Public pronouncements are always to be taken with a grain of salt, you seem to believe everything that people say that you agree with. Whether the Iranians today or President Eisenhower who was not involved with any of the Pacific Theaters, but did have a political agenda while he was in office. Even the tense on the quote doesn't make sense. the US was the first country to use that awful weapon and it would only have been 1, not 2, had the Japanese surrendered. Why, oh why, did they not surrender. That is the real shame.

    And you dodged my question again: "And really, if only the Japanese had surrendered after the first bomb, Nagasaki would have been spared, or do you not believe that either?"
    No, I pointedly answered your question with Eisenhower's declaration that Japan was prepared to surrender, and the awful weapon was not needed. I'll go with Eisenhower, who was there and knows over Ali, who wasn't.

    After creating the nasty weapon, it was inevitable that the virus would spread, so yeah, Iran will likely obtain them if they so desire.
    Killing one person is murder, killing 100,000 is foreign policy

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    Re: Does Iran have a "Right" to Nuclear Weapons?

    Quote Originally Posted by Jack Hays View Post
    I'm not making myself clear. Giangreco's account is not just an opinion, but the use of sources previously unknown or overlooked. His work marks a breakthrough to a new level of understanding.
    However, it is known that the predicted number of U.S. combat deaths in the planned invasion escalated enormously among pro-bomb commentators from the U.S. War Department's 1945 prediction of 46,000 dead.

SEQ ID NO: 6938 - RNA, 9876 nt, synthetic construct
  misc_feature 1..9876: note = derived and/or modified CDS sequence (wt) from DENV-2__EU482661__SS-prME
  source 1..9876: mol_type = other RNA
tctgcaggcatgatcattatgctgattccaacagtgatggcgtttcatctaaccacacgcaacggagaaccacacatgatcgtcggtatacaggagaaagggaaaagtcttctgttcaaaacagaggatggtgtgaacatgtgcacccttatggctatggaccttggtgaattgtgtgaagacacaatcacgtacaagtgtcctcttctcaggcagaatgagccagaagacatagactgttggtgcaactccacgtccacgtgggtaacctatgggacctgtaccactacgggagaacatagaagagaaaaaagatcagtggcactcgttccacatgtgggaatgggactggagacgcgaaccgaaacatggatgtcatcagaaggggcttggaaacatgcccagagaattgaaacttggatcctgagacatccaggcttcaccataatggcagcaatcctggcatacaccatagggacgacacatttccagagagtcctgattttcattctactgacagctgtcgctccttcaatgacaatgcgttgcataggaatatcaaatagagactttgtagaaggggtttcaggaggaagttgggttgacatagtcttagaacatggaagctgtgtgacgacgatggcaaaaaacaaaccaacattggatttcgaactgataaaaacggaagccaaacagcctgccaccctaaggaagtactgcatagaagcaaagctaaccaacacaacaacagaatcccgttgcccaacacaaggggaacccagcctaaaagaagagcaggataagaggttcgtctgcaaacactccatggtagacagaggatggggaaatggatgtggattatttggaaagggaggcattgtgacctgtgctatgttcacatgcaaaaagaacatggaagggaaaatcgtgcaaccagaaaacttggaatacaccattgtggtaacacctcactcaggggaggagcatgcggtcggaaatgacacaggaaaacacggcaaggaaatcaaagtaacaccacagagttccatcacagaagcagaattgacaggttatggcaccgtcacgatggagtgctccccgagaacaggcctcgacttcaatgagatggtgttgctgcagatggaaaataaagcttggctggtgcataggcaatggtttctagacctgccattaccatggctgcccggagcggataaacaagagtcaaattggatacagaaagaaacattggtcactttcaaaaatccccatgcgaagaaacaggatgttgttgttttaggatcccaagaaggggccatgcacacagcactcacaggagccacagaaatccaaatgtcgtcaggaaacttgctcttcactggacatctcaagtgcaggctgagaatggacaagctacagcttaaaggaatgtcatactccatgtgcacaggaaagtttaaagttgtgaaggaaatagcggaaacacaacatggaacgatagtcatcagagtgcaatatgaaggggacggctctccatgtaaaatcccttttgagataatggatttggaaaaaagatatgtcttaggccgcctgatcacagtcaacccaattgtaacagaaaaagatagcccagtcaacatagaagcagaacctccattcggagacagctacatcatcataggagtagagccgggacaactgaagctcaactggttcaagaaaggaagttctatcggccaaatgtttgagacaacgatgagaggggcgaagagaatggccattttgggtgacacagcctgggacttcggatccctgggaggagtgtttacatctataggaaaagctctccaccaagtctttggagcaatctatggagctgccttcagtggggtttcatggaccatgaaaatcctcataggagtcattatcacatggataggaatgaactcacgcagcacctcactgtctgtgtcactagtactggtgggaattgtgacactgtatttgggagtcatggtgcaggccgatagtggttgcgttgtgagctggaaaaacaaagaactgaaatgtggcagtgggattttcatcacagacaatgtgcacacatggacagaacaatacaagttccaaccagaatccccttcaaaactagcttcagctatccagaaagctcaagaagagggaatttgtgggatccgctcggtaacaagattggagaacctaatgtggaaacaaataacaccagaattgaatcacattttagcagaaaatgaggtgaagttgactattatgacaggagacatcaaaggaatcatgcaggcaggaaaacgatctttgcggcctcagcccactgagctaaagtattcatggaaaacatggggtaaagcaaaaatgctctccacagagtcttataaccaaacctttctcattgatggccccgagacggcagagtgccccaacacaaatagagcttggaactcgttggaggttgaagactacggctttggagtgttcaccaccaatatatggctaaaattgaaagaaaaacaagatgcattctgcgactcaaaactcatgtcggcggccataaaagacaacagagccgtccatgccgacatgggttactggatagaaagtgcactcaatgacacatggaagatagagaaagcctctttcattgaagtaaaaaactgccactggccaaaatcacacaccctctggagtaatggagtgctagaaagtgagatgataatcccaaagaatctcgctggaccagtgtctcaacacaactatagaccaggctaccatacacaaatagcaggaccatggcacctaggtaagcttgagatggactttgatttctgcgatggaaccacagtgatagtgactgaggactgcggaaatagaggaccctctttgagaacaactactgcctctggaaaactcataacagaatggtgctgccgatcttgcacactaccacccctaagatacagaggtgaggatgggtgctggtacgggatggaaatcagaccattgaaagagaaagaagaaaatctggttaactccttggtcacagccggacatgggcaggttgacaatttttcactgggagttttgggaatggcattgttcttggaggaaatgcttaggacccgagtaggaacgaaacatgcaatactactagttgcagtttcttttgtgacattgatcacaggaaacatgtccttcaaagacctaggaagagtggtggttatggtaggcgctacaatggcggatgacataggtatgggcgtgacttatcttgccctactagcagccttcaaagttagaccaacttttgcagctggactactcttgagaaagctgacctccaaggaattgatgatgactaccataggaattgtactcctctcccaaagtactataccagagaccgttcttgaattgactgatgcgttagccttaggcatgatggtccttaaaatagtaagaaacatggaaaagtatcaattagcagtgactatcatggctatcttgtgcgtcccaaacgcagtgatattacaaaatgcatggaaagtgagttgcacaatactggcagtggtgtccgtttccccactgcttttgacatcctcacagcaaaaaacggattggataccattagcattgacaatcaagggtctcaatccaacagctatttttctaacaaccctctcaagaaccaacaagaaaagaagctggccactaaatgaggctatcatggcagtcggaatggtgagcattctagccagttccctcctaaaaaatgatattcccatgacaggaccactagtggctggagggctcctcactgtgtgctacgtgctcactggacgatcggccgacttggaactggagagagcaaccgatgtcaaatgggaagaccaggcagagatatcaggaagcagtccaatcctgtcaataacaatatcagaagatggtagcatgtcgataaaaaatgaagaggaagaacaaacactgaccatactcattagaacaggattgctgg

(snip)

    This “deeply flawed” analysis by Giangreco is the very article upon which Kamm’s repeated assertion of projected high casualties relies so heavily.

    Careful historians do not deny that Truman was concerned at the prospect of many U.S. lives being lost in an invasion of Japan, but the predicted numbers were far less than the inflated figures provided postwar to ‘justify’ the atomic bombings. Such figures, along with Japan’s “rejection” of the Potsdam Proclamation, form part of the conventional narrative that the atomic bombs were sadly necessary. But as Hasegawa observes astutely:

    Evidence makes clear that there were alternatives to the use of the bomb, alternatives that the Truman administration for reasons of its own declined to pursue. And it is here, in the evidence of roads not taken, that the question of moral responsibility comes to the fore. Until his death, Truman continually came back to this question and repeatedly justified his decision, inventing a fiction that he himself came to believe. That he spoke so often to justify his actions shows how much his decision to use the bomb haunted him.”[31]